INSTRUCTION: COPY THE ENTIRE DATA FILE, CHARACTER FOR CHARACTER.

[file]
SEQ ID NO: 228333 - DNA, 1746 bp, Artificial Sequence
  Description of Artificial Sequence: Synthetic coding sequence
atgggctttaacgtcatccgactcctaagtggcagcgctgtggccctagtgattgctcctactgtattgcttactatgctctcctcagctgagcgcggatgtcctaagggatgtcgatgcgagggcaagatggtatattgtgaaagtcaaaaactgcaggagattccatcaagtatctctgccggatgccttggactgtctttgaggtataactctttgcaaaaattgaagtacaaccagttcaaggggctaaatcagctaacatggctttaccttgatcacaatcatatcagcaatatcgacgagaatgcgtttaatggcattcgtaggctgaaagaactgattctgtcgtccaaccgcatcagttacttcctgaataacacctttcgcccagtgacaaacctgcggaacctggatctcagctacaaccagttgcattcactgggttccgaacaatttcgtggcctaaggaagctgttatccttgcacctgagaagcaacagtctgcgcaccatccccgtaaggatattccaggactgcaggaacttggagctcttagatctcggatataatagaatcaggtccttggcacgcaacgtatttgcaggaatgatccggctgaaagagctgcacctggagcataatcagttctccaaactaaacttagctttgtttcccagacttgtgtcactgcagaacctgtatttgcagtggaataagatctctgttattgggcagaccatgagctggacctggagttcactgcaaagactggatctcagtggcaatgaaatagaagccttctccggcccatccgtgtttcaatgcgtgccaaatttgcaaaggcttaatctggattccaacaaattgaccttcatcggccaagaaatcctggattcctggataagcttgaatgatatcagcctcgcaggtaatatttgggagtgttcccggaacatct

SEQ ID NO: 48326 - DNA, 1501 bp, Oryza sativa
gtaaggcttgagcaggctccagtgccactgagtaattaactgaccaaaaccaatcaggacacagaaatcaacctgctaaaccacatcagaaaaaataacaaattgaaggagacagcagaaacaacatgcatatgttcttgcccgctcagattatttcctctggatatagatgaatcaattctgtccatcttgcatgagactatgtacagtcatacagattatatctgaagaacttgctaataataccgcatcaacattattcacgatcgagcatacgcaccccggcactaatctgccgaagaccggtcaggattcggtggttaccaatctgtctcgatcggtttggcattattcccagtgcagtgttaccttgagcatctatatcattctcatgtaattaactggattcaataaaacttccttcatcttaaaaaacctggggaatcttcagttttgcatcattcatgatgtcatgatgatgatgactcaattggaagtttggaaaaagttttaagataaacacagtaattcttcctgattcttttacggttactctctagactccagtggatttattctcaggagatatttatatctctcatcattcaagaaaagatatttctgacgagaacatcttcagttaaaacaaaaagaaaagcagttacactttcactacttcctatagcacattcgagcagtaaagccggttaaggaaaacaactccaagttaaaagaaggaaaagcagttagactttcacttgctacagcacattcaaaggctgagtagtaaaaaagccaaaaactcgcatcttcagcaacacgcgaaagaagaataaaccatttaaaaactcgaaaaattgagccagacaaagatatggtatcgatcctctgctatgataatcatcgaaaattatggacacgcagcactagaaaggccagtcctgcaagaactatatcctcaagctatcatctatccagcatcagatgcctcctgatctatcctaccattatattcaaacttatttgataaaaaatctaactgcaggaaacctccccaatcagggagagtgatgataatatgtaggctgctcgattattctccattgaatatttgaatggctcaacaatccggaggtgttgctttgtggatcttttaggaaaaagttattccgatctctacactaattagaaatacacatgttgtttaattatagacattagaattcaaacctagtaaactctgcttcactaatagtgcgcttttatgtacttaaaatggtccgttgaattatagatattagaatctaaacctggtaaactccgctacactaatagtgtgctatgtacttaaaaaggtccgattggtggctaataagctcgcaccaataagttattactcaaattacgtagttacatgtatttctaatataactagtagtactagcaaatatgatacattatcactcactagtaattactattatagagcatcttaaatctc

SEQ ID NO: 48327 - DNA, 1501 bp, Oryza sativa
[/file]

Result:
SEQ ID NO: 228333 - DNA, 1746 bp, Artificial Sequence
  Description of Artificial Sequence: Synthetic coding sequence
atgggctttaacgtcatccgactcctaagtggcagcgctgtggccctagtgattgctcctactgtattgcttactatgctctcctcagctgagcgcggatgtcctaagggatgtcgatgcgagggcaagatggtatattgtgaaagtcaaaaactgcaggagattccatcaagtatctctgccggatgccttggactgtctttgaggtataactctttgcaaaaattgaagtacaaccagttcaaggggctaaatcagctaacatggctttaccttgatcacaatcatatcagcaatatcgacgagaatgcgtttaatggcattcgtaggctgaaagaactgattctgtcgtccaaccgcatcagttacttcctgaataacacctttcgcccagtgacaaacctgcggaacctggatctcagctacaaccagttgcattcactgggttccgaacaatttcgtggcctaaggaagctgttatccttgcacctgagaagcaacagtctgcgcaccatccccgtaaggatattccaggactgcaggaacttggagctcttagatctcggatataatagaatcaggtccttggcacgcaacgtatttgcaggaatgatccggctgaaagagctgcacctggagcataatcagttctccaaactaaacttagctttgtttcccagacttgtgtcactgcagaacctgtatttgcagtggaataagatctctgttattgggcagaccatgagctggacctggagttcactgcaaagactggatctcagtggcaatgaaatagaagccttctccggcccatccgtgtttcaatgcgtgccaaatttgcaaaggcttaatctggattccaacaaattgaccttcatcggccaagaaatcctggattcctggataagcttgaatgatatcagcctcgcaggtaatatttgggagtgttcccggaacatct

SEQ ID NO: 48326 - DNA, 1501 bp, Oryza sativa
gtaaggcttgagcaggctccagtgccactgagtaattaactgaccaaaaccaatcaggacacagaaatcaacctgctaaaccacatcagaaaaaataacaaattgaaggagacagcagaaacaacatgcatatgttcttgcccgctcagattatttcctctggatatagatgaatcaattctgtccatcttgcatgagactatgtacagtcatacagattatatctgaagaacttgctaataataccgcatcaacattattcacgatcgagcatacgcaccccggcactaatctgccgaagaccggtcaggattcggtggttaccaatctgtctcgatcggtttggcattattcccagtgcagtgttaccttgagcatctatatcattctcatgtaattaactggattcaataaaacttccttcatcttaaaaaacctggggaatcttcagttttgcatcattcatgatgtcatgatgatgatgactcaattggaagtttggaaaaagttttaagataaacacagtaattcttcctgattcttttacggttactctctagactccagtggatttattctcaggagatatttatatctctcatcattcaagaaaagatatttctgacgagaacatcttcagttaaaacaaaaagaaaagcagttacactttcactacttcctatagcacattcgagcagtaaagccggttaaggaaaacaactccaagttaaaagaaggaaaagcagttagactttcacttgctacagcacattcaaaggctgagtagtaaaaaagccaaaaactcgcatcttcagcaacacgcgaaagaagaataaaccatttaaaaactcgaaaaattgagccagacaaagatatggtatcgatcctctgctatgataatcatcgaaaattatggacacgcagcactagaaaggccagtcctgcaagaactatatcctcaagctatcatctatccagcatcagatgcctcctgatctatcctaccattatattcaaacttatttgataaaaaatctaactgcaggaaacctccccaatcagggagagtgatgataatatgtaggctgctcgattattctccattgaatatttgaatggctcaacaatccggaggtgttgctttgtggatcttttaggaaaaagttattccgatctctacactaattagaaatacacatgttgtttaattatagacattagaattcaaacctagtaaactctgcttcactaatagtgcgcttttatgtacttaaaatggtccgttgaattatagatattagaatctaaacctggtaaactccgctacactaatagtgtgctatgtacttaaaaaggtccgattggtggctaataagctcgcaccaataagttattactcaaattacgtagttacatgtatttctaatataactagtagtactagcaaatatgatacattatcactcactagtaattactattatagagcatcttaaatctc

SEQ ID NO: 48327 - DNA, 1501 bp, Oryza sativa